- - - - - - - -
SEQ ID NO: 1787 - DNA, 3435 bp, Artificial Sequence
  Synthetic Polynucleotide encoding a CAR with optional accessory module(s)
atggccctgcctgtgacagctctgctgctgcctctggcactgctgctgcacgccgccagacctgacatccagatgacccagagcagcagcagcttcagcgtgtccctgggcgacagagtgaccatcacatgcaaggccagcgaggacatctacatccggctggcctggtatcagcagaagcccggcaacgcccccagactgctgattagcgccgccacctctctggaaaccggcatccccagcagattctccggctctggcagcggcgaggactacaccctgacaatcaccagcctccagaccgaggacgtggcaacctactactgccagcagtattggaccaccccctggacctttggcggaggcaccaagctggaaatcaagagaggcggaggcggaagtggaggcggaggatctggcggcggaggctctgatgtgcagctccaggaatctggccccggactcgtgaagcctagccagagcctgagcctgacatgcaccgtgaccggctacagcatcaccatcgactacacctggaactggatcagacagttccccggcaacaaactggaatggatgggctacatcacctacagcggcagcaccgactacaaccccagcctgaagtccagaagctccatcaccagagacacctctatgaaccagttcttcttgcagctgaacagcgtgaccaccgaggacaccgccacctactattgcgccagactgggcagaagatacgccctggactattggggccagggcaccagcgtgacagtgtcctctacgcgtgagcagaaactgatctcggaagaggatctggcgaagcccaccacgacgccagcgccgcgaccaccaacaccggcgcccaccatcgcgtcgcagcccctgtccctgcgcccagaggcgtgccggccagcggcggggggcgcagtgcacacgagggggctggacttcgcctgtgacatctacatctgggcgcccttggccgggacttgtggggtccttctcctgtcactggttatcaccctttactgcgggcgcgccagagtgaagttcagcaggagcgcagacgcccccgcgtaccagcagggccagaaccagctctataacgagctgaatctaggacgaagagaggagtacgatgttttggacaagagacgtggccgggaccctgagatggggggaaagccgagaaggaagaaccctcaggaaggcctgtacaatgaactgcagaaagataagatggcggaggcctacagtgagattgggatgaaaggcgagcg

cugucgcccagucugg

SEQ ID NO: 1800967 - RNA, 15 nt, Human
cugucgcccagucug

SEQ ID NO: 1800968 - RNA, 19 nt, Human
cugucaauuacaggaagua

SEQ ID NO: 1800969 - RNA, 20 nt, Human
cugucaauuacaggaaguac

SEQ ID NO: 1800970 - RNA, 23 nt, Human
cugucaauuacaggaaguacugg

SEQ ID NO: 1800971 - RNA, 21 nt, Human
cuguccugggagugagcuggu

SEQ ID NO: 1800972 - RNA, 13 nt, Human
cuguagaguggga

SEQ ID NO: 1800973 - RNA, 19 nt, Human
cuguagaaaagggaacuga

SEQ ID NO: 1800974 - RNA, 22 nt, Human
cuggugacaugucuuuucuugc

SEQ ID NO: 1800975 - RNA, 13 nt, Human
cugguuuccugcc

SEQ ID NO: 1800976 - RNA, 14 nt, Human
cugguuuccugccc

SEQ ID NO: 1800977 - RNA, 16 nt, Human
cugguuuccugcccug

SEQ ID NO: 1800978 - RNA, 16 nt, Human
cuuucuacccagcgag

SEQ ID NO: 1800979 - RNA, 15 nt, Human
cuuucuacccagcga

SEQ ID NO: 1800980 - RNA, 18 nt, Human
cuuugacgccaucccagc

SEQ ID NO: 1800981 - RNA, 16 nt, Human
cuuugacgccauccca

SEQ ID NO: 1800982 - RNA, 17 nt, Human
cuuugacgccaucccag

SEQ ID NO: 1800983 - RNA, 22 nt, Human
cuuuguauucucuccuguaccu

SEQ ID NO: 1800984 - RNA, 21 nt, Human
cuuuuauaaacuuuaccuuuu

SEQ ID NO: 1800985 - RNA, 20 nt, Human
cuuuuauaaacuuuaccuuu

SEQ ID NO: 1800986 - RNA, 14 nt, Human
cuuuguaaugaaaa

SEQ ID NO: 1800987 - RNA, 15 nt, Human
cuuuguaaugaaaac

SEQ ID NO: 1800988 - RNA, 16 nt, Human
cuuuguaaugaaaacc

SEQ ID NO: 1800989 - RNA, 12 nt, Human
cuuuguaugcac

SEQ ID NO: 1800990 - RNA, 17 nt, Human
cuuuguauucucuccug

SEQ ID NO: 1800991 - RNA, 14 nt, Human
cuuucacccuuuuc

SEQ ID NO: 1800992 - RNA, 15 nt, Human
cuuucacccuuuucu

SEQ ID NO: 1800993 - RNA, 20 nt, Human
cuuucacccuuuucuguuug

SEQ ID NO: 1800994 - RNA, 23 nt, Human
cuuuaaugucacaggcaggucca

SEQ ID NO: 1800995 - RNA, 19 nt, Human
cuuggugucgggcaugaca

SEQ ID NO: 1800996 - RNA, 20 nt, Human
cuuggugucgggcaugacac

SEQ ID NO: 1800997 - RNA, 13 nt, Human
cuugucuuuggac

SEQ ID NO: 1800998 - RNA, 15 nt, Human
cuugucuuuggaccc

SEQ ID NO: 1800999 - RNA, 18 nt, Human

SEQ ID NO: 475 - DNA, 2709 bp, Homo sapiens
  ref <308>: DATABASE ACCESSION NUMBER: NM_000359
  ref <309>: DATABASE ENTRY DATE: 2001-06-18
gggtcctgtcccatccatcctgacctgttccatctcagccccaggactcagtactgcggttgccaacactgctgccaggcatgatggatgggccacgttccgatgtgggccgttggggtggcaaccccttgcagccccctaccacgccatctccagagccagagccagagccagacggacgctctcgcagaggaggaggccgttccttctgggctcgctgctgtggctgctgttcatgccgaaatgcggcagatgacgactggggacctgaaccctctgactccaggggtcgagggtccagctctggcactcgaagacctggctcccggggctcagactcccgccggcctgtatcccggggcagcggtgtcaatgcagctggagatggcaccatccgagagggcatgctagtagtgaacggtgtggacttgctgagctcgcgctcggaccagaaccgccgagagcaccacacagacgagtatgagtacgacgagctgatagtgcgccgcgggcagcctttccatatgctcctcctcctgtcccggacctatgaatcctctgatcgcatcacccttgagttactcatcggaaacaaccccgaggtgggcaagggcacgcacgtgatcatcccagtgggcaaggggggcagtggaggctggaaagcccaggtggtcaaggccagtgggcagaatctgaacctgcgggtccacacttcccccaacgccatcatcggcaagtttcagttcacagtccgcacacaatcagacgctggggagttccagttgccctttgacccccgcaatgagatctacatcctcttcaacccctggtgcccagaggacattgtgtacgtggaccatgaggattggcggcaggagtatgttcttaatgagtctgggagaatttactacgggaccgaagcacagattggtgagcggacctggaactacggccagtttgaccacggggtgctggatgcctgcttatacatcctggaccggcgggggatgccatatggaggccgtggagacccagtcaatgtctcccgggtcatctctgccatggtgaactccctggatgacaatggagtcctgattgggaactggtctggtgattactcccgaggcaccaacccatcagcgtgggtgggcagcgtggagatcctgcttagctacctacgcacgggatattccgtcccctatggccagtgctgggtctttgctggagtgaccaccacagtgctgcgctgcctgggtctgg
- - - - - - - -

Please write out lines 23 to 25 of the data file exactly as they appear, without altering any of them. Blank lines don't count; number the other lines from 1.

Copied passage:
SEQ ID NO: 1800976 - RNA, 14 nt, Human
cugguuuccugccc

SEQ ID NO: 1800977 - RNA, 16 nt, Human